Freethought of the Day

Would you like to start your day on a freethought note? "Freethought of the Day" is a daily freethought calendar brought to you courtesy of the Freedom From Religion Foundation, highlighting birthdates, quotes, and other historic tidbits.

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There are 3 entries for this date: Svante August Arrhenius , Nicolaus Copernicus and Andre Breton
Svante August Arrhenius

Svante August Arrhenius

On this date in 1859, physical chemist and Nobel Prize winner Svante August Arrhenius was born in Sweden. He studied at Upsala University, then under a professor in Stockholm. His 1884 thesis, on the galvanic conductivity of electrolyes, won him the first docentship at Uppsala in physical chemistry, a new branch of science. Arrhenius was also awarded a traveling fellowship and worked with scientists throughout Europe. Arrhenius was appointed professor of physics in 1895 at Stockholm's Hogskola. He won the Nobel Prize for chemical research in 1903, for originating the theory of electrolytic dissociation, or ionization. He also investigated osmosis, toxins and antitoxins. He was offered the position of chief of the Nobel Institute for Physical Chemistry, founded just for him. Arrhenius wrote classic textbooks in his field, which were translated into many languages, and also popularized science for the general public, with such books as The Destinies of the Stars (1919). His wide interests in science are exemplified by his contributions to the understanding of such phenomena as the Northern Lights. In 1914, he was awarded the Faraday Medal of the Chemical Society. During World War I, he worked to get the release of many German and Austrian scientists who had been made prisoners of war. According to freethought historian Joseph McCabe, Arrhenius was a "Monist." D. 1927.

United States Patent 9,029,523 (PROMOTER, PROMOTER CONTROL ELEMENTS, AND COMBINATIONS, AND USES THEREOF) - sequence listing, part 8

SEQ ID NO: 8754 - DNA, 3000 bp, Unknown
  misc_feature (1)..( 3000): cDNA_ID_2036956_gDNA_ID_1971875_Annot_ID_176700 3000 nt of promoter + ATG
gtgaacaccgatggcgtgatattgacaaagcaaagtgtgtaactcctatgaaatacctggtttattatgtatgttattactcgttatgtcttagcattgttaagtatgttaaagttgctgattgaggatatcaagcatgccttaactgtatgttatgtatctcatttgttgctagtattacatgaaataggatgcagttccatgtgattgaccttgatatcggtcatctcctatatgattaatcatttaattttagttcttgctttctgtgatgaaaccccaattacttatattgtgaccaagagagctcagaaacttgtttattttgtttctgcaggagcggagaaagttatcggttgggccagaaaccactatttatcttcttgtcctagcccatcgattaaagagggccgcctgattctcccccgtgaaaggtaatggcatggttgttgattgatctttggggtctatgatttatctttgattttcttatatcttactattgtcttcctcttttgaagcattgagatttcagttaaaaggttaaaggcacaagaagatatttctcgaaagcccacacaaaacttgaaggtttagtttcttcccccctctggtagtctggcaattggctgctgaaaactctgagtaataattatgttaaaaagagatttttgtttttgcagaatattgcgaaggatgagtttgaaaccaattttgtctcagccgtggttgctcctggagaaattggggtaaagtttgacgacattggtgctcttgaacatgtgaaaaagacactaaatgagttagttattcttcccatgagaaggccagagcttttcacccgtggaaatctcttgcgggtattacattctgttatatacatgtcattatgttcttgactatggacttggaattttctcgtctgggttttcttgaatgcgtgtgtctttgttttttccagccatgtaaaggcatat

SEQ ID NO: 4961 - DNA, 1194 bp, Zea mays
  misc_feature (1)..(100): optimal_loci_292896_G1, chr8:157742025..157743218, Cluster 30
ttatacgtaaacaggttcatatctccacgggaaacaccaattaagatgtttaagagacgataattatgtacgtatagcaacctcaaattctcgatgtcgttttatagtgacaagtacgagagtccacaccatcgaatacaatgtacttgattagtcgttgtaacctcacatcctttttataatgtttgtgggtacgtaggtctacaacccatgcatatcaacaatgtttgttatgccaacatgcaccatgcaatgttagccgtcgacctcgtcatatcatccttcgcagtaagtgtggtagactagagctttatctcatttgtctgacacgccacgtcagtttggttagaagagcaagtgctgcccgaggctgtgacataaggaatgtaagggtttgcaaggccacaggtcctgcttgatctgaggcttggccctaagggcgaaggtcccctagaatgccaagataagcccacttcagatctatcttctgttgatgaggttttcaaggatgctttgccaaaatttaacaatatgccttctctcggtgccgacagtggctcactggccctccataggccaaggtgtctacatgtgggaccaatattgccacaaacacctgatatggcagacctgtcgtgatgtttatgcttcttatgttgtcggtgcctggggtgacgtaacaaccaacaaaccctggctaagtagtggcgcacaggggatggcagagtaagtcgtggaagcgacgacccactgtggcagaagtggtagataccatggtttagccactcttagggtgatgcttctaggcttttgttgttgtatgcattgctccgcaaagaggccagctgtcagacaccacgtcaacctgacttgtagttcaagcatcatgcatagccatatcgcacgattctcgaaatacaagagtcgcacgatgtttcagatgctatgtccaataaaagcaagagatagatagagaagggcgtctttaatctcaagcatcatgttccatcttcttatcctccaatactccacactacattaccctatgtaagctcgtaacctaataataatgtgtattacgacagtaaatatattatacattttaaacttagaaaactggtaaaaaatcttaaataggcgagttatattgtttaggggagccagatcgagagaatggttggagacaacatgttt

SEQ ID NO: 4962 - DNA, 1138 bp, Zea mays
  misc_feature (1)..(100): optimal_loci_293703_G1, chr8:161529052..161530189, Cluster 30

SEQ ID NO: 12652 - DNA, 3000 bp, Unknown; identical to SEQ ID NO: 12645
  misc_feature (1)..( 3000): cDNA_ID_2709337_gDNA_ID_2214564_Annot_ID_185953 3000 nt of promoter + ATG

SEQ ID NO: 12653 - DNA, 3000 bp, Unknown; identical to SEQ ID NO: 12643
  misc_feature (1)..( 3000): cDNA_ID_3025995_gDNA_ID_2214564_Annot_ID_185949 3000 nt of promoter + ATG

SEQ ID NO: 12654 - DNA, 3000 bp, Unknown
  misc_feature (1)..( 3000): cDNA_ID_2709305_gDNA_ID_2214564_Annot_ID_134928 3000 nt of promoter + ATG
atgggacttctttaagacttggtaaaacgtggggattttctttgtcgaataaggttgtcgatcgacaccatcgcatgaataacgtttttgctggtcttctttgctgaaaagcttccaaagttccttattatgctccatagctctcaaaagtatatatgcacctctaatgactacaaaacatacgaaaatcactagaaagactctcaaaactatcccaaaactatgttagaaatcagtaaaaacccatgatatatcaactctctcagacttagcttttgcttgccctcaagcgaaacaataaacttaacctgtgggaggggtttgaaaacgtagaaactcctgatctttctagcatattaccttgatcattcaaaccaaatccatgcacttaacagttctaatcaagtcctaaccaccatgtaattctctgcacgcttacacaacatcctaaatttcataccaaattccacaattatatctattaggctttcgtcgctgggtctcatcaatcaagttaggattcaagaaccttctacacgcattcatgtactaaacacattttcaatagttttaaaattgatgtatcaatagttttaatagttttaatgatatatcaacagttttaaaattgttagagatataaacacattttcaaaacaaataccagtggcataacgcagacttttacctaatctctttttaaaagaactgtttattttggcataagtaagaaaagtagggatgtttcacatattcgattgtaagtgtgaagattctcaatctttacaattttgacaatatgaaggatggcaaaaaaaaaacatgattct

Compiled by Annie Laurie Gaylor

© Freedom From Religion Foundation. All rights reserved.

Nicolaus Copernicus

Nicolaus Copernicus

On this date in 1473, astronomer Nicolaus Copernicus (né Nicolaus Koppernigk) was born the youngest of four children in Torun, Poland. He studied a wide range of subjects, including philosophy, Latin, Greek, mathematics, law, medicine and astronomy, at the universities of Krakow, Bologna, Padua and Ferrara. His uncle, a bishop, strongly encouraged him to pursue a career in the church, since it would provide economic security, so he pursued a doctorate in canon law. His uncle helped secure him the position of canon at Frauenburg Cathedral in 1497, which provided a comfortable income and did not require much work. This allowed Copernicus the freedom to pursue other interests, such as economics, medicine, law, diplomacy, art and astronomy. A bishop later threatened to take away his income unless he entered the priesthood, but he continued to refuse. His opinion was so valued that the Fifth Lateran Council sought his views on calendar reform in 1514. Around this time, Copernicus began circulating his Little Commentary, criticizing the Ptolemaic system that placed the Earth at the center of the universe. Copernicus made astronomical observations without the aid of a telescope, which was not invented until 1609.